It won’t have escaped Liz Truss’ notice that she was appointed Foreign Secretary on the International Day of Democracy, and Battle of Britain Day. At a time when authoritarianism is on the rise and democracy is under the greatest assault since the Cold War, the values of liberty, human rights and the rule of law should infuse her approach.
Her in-box is crammed: from the Taliban to repairing the ‘Special Relationship’ to preparing for the UN General Assembly, from watching forthcoming elections in Germany and Canada to restoring credibility to the ‘Global Britain’ slogan following aid cuts and the fiasco of our withdrawal from Afghanistan.
But in addition to these key issues, there are four which I propose should be top priorities.
The first is a comprehensive, radical review of UK-China relations, as proposed by the Conservative Party Human Rights Commission in its report, The Darkness Deepens, earlier this year. I hope this report – which I was told on good authority Dominic Raab read in detail – will be priority reading for the new Foreign Secretary, along with recent reports by the House of Commons Foreign Affairs Committee and the House of Lords International Relations Committee.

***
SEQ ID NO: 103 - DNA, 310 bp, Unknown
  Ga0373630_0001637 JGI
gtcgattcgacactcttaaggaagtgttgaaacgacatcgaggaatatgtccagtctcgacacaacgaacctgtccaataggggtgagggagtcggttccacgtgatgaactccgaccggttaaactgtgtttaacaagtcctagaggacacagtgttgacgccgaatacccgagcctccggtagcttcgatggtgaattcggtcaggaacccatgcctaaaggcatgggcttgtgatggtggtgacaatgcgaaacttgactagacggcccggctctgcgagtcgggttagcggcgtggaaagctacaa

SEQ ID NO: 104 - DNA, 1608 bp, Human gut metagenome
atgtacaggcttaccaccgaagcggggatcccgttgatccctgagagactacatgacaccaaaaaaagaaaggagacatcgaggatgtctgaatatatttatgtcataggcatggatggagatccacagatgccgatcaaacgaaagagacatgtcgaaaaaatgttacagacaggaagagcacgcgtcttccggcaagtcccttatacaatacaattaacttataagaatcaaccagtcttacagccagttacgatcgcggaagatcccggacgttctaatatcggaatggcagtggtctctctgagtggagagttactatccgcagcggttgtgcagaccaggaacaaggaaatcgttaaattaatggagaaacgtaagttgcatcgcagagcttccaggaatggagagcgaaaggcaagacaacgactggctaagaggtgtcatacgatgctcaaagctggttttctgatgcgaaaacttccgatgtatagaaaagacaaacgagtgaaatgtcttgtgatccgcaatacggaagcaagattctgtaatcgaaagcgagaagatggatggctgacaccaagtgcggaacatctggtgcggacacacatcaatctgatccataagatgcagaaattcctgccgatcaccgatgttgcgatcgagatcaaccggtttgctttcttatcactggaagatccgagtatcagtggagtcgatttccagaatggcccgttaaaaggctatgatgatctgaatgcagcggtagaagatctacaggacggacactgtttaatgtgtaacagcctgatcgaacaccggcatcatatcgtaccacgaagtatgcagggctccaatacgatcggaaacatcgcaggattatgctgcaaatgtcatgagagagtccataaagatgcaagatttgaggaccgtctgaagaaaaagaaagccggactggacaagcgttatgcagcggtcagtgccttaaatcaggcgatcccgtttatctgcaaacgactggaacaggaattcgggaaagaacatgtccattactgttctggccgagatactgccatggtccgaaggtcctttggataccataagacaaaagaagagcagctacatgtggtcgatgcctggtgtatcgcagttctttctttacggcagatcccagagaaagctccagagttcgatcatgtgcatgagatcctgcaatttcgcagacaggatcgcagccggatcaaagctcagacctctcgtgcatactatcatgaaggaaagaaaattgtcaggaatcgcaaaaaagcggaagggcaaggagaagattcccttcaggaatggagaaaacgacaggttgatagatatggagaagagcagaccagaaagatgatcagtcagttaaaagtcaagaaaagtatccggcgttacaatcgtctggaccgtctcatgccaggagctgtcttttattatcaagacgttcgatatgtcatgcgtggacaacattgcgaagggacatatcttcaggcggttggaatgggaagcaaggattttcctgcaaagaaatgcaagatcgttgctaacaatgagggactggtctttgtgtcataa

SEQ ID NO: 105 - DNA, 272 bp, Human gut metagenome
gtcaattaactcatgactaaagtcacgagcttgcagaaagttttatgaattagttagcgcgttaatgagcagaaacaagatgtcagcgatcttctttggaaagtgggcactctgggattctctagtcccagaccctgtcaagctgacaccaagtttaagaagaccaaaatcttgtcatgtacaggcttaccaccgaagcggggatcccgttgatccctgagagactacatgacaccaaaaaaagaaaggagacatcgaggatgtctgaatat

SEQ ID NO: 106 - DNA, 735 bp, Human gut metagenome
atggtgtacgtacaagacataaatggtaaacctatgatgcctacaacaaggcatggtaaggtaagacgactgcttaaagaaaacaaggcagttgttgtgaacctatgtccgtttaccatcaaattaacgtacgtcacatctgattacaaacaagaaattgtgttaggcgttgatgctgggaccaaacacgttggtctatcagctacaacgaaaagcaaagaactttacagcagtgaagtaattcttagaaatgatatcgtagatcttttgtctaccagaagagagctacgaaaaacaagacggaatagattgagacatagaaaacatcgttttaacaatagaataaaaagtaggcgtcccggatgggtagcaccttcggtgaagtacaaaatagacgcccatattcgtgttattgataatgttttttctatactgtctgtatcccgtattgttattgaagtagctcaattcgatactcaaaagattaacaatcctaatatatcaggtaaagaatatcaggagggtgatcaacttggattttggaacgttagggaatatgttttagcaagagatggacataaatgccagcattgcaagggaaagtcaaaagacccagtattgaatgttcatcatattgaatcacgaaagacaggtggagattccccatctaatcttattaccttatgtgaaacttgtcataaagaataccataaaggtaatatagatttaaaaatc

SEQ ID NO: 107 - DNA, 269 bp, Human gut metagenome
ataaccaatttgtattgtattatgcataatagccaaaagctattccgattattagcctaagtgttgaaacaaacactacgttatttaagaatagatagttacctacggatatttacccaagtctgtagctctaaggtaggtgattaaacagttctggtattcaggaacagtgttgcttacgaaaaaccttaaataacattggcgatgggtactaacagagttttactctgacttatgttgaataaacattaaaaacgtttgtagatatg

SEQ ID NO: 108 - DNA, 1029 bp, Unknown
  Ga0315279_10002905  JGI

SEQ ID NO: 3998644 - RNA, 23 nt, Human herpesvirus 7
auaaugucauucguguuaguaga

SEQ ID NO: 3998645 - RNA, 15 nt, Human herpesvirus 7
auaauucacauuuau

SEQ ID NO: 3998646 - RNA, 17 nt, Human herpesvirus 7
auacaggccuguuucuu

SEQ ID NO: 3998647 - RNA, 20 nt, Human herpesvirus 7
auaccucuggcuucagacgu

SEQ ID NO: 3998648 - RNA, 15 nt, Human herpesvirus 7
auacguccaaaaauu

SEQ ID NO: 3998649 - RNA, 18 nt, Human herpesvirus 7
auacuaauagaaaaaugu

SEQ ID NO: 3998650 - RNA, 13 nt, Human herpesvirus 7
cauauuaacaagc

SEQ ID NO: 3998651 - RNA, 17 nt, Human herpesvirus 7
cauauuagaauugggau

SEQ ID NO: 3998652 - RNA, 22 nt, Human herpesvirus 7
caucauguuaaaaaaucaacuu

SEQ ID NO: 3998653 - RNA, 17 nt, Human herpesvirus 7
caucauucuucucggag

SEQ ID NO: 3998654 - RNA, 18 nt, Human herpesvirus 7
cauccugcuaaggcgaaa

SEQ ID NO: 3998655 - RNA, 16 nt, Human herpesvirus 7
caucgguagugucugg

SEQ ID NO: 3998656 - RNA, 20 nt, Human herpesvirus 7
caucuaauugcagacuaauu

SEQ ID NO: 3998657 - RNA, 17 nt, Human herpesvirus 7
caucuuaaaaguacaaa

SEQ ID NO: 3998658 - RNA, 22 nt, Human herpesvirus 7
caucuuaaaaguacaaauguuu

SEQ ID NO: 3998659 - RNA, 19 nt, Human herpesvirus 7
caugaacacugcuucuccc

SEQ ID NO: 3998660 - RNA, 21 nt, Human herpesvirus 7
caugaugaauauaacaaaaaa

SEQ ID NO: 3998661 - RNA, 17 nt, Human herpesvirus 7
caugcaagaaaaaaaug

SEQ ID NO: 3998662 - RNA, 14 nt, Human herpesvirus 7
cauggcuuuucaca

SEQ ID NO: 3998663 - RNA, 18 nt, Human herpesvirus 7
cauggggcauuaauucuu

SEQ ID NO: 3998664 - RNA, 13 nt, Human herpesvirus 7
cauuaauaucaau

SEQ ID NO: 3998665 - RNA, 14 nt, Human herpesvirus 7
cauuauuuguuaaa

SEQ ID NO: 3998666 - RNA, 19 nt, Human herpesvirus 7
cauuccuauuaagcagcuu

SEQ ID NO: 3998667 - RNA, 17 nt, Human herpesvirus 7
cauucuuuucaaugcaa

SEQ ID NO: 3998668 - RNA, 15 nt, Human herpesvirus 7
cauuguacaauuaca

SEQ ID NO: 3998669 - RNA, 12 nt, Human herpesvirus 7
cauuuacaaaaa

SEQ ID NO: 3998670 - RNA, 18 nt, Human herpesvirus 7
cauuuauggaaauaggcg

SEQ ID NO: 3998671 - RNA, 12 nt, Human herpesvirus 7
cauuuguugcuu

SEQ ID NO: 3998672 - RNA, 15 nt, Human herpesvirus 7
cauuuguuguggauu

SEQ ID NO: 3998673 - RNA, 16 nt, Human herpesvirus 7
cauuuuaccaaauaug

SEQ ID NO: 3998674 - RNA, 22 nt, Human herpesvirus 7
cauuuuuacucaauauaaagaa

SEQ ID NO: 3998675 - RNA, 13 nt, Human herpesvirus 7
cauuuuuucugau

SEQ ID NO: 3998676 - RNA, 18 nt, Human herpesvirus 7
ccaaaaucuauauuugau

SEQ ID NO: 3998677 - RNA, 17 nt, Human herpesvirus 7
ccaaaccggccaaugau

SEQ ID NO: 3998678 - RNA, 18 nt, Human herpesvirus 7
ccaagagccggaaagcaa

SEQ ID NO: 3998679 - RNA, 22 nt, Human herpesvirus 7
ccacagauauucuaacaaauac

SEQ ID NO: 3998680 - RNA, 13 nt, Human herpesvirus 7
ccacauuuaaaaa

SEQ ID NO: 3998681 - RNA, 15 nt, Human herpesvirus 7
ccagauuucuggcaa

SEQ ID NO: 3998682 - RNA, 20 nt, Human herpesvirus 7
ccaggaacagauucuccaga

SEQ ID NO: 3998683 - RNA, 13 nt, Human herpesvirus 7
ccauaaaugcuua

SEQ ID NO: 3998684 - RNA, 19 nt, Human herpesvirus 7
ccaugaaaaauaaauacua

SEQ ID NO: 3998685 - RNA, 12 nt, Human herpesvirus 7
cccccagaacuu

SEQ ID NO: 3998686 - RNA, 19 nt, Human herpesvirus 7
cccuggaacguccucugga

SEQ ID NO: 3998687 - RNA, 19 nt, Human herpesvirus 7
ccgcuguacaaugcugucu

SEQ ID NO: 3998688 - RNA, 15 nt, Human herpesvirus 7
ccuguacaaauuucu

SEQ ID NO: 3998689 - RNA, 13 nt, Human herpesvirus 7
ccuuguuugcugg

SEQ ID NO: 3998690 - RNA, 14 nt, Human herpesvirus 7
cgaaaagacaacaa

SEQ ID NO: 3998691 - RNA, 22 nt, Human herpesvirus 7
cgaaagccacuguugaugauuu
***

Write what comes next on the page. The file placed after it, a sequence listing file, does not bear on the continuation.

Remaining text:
Over the past couple of years the Government has taken what the last Governor of Hong Kong Chris Patten has called a ‘cakeist’ approach. It has strengthened its rhetoric, while quietly winking to Beijing that it’s business as usual. It has called out the persecution of the Uyghurs and the dismantling of Hong Kong’s democracy, while signalling that it wants to increase trade ties. It has slapped a few Magnitsky sanctions on some Chinese Communist Party officials and entities responsible for the atrocity crimes in Xinjiang, while failing to sanction the primary architect of the repression, Xinjiang’s Party Secretary Chen Quangguo. It has paid lip-service to condemnation of what Dominic Raab termed ‘industrial-scale’ slavery, while doing little to stop it. It has led resolutions at the UN condemning China’s human rights record, while vigorously opposing an amendment in Parliament to empower our courts to determine genocide. All this is a welcome change from the so-called “Golden Era” of kowtowing to Beijing under David Cameron’s government, but it does not go anything like far enough.
The new Foreign Secretary’s track record gives cause for optimism that there may be a new approach. As my friend and colleague Luke de Pulford describes in the Daily Telegraph, as Trade Secretary Ms Truss was ‘wonderfully lacklustre’ in her opposition to the genocide amendment to the Trade Bill – perhaps an indication that she sympathised with it. She has long indicated the right instincts on China. Let’s hope she goes with her instincts and turns rhetoric into policy, with a more robust and clear-headed policy on China.
Mr Raab deserves great credit for two policies: Magnitsky sanctions and the British National Overseas (BNO) visa scheme for Hongkongers. As a backbencher he led the movement for Magnitsky Sanctions legislation, and as Foreign Secretary he enacted this new human rights sanctions regime. And, the very day the Chinese regime imposed the draconian National Security Law on Hong Kong, he threw a very generous lifeline to Hongkongers who need to flee the city.